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How to spot and avoid a pension scam

In the 25 years I’ve been a regulated financial planner I have come across a pension scam twice, both related to the same company. Unfortunately, it wasn’t obvious to the couples introduced to me that they had been scammed. Years later, they still don’t have their money back.

The scale of such scams has recently been revealed: The Financial Conduct Authority (FCA) says that more than £2,241,774 has been reported lost to pension scammers between January – May 2021, according to complaints filed with Action Fraud. And they believe the number of victims is likely to be much higher, because savers are failing to spot the signs of a scam and aren’t aware of how much is in their pension pot.

Scammers targeted pension pots large and small, with individual losses ranging from under £1,000 to as much as £500,000. The average victim was described as a man in his 50s – but this could happen to anyone, so watch out.

The average loss this year was £50,949, according to complaints filed with Action Fraud. More than double last year’s average (£23,689).

It’s said that football fans approaching retirement appear particularly vulnerable to scams, with research showing just 43% know how much is in their pension pot and 45% not knowing how to check if an approach about their pension is legitimate.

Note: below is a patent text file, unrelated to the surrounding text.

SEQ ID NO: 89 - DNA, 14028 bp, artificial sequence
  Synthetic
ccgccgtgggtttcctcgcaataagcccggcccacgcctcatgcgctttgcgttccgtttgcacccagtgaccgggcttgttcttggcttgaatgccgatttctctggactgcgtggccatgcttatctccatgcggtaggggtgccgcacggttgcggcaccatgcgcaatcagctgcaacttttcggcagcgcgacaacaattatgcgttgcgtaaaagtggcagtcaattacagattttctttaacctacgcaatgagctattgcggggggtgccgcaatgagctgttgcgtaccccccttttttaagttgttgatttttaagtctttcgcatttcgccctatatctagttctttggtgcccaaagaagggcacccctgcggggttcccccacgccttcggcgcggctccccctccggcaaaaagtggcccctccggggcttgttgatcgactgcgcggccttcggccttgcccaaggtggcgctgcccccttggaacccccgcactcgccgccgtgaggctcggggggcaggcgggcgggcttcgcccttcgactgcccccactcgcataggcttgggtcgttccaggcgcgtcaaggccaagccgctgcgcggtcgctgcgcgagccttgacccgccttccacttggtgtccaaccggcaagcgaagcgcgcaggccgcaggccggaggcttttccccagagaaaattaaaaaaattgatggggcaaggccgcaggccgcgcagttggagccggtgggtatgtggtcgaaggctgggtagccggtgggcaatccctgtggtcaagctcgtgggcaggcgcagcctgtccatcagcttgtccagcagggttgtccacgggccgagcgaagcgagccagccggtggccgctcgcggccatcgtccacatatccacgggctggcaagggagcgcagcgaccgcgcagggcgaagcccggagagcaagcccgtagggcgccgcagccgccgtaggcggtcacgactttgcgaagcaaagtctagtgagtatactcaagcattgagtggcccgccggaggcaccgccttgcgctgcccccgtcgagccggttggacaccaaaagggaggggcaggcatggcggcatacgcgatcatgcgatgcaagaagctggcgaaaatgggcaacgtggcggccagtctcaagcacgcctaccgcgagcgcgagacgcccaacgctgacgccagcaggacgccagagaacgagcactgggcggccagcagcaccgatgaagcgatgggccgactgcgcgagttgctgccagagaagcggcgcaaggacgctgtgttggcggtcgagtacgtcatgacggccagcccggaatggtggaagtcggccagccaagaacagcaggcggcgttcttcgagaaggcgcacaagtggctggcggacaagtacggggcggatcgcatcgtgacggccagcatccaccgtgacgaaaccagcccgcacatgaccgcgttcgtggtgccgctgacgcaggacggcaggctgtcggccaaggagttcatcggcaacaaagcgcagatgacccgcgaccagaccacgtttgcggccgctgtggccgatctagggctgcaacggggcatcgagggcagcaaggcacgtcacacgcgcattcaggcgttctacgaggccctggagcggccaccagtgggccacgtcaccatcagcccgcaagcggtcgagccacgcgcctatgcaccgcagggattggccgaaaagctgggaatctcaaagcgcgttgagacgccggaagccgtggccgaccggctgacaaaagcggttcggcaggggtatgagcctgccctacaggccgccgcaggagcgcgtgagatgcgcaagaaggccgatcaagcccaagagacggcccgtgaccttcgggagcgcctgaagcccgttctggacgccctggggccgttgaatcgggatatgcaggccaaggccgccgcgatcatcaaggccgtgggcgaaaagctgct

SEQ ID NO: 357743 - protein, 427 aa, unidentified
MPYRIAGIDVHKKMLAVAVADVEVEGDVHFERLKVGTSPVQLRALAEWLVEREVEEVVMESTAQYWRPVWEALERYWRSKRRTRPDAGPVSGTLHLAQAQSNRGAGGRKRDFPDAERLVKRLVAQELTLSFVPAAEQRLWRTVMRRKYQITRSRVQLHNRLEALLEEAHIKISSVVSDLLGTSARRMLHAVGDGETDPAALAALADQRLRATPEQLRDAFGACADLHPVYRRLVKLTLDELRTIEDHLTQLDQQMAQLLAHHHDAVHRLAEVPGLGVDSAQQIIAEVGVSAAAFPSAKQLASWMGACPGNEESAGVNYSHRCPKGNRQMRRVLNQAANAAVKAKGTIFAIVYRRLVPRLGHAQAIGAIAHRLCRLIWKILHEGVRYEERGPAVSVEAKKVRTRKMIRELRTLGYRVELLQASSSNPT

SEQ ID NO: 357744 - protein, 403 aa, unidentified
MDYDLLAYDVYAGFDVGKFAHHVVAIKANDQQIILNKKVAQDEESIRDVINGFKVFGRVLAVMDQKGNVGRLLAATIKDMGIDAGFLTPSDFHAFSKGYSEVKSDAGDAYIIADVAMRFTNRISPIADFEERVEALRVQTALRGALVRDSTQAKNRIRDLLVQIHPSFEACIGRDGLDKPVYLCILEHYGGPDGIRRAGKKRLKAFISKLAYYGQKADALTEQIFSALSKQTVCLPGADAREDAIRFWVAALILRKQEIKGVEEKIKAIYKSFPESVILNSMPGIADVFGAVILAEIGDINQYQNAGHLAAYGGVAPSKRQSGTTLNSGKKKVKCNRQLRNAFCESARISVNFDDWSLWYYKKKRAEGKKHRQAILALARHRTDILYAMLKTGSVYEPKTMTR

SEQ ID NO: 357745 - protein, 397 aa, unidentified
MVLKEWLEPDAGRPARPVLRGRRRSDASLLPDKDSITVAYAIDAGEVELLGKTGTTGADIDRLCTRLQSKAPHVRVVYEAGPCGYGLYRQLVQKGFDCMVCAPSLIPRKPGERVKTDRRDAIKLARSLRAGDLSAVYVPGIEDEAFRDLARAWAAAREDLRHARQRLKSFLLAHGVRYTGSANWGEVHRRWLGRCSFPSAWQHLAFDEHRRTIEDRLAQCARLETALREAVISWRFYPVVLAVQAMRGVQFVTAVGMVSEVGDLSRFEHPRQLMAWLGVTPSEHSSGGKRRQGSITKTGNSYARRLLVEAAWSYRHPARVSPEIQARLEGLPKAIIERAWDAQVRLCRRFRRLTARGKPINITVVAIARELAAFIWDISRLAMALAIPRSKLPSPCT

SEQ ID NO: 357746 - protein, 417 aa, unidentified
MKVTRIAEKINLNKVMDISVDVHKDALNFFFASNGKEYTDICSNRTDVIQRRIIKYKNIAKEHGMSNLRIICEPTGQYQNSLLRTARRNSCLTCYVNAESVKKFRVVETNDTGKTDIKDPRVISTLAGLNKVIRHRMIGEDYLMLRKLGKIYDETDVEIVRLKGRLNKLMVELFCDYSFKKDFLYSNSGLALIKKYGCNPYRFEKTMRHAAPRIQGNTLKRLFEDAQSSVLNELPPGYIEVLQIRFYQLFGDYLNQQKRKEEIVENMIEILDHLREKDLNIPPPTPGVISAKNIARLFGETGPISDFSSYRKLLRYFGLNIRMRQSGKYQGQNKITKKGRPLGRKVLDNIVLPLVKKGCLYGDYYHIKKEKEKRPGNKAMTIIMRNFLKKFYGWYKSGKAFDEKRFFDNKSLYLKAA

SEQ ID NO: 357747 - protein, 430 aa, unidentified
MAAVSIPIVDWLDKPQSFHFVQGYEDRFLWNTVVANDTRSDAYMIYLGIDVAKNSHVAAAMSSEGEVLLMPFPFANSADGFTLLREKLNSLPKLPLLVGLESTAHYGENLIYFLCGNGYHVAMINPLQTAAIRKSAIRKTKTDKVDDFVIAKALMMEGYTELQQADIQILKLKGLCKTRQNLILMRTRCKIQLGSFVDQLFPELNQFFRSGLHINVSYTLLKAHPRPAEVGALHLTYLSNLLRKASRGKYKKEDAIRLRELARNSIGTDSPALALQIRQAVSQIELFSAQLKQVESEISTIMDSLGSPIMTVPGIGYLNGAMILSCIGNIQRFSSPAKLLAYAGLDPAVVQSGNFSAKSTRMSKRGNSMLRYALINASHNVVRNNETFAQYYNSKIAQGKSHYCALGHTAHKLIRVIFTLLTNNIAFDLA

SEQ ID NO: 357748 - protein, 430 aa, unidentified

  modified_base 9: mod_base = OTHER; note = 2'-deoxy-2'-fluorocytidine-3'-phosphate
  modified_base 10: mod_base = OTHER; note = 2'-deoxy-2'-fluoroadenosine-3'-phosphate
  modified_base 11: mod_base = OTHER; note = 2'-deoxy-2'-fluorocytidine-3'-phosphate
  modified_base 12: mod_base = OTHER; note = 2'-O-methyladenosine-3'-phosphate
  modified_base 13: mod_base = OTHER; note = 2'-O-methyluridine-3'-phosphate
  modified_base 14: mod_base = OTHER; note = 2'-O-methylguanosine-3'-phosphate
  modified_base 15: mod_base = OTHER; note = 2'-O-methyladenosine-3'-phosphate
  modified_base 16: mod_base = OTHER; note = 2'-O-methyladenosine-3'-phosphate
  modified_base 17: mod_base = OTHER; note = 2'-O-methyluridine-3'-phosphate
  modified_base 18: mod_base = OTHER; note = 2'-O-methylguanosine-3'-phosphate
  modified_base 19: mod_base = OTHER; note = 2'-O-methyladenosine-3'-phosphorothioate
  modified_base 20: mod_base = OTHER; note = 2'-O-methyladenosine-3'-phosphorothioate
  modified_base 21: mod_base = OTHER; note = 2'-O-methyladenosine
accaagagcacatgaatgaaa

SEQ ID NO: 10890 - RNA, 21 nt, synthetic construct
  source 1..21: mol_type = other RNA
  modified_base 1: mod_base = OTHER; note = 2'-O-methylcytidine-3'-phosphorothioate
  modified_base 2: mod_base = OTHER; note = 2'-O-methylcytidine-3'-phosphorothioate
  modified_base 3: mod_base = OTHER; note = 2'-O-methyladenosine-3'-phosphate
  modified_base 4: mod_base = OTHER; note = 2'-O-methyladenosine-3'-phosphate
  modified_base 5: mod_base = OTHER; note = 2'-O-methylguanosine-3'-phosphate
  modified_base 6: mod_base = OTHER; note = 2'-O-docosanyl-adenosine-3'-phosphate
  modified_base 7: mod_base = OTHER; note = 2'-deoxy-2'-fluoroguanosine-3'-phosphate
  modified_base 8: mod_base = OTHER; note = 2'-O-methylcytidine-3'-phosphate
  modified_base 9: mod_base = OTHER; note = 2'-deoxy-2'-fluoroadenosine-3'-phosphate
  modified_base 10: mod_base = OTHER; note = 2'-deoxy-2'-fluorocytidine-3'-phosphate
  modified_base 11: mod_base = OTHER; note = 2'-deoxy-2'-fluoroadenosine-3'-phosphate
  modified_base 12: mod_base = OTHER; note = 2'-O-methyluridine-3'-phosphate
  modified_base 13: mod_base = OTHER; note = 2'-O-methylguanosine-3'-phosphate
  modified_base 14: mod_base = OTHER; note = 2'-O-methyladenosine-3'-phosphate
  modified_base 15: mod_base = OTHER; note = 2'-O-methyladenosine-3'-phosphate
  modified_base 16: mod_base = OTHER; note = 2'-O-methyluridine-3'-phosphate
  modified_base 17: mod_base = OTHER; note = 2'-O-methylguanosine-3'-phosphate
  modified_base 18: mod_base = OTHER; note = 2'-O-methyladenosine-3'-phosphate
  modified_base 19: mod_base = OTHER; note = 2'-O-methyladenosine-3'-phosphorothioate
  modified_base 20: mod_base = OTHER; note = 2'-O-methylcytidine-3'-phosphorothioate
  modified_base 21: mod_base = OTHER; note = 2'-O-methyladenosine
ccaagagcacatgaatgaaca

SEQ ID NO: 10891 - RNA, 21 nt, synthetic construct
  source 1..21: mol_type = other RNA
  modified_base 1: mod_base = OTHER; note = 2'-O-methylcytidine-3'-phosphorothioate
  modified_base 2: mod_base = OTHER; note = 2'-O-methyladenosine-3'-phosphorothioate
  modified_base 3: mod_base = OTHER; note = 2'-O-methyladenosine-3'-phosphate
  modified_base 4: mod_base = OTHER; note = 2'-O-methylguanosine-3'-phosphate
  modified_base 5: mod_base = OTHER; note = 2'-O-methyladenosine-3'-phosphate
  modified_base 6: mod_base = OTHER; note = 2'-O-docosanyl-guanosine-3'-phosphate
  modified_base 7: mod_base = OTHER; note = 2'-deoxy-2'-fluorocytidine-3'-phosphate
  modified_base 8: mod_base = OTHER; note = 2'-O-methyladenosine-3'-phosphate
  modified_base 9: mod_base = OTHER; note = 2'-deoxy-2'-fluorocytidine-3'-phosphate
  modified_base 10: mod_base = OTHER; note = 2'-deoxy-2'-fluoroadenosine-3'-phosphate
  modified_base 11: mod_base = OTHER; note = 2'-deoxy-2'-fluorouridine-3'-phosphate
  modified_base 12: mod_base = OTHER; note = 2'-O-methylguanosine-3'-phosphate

If someone contacts you unexpectedly and says they can help you access your pension before the age of 55, the call is illegal and it’s likely to be a fraudster. You can report them to Action Fraud by calling 0300 123 2040 or visiting the organisation’s website.

You may be offered a tempting way to invest your pension fund – for example in a new hotel being built in an exotic location – but don’t fall for it.

Most of these offers are fake but can appear very convincing as they appeal to your wants and desires. Their aim is to get you to cash in your pension pot and transfer your money.

Once you’ve transferred your money into a scam, it’s too late: you could lose all your pension money, as well as face tax of up to 55% or huge additional fees.

You can significantly reduce your risk by only dealing with an FCA-regulated firm. This means checking the person who is giving you the advice and the firm they work for are both registered on the at register.fca.org.uk. Ensure you check your adviser’s identity too, they could be masquerading as a financial expert.

The Pensions Advisory Service also has an online tool to help you know if you have been scammed.

We hear horror stories of people losing their life savings, but it’s also important to remember that this is a rare occurrence. Always act on the cautious side, and if in doubt, ask a financial planner to check things over.

Here are my top 5 ways to avoid pension scams

  1. Don’t be harried, pressured or rushed into making any decision about your pension; take your time and get a second opinion if you’re in any doubt.
  2. Decline any unexpected pension offers, which may be made online, on social media or in a phone call.
  3. Check who you are dealing with before changing your pension arrangements, via the Financial Services Register or by calling the FCA helpline on 0800 111 6768 to see if the individual and firm you are dealing with is authorised by the FCA.
  4. Think about getting independent impartial information and advice.
  5. If it seems too good to be true, be honest with yourself: it is. Stay away from exotic and ‘exciting’ investments that promise outlandish returns.
 

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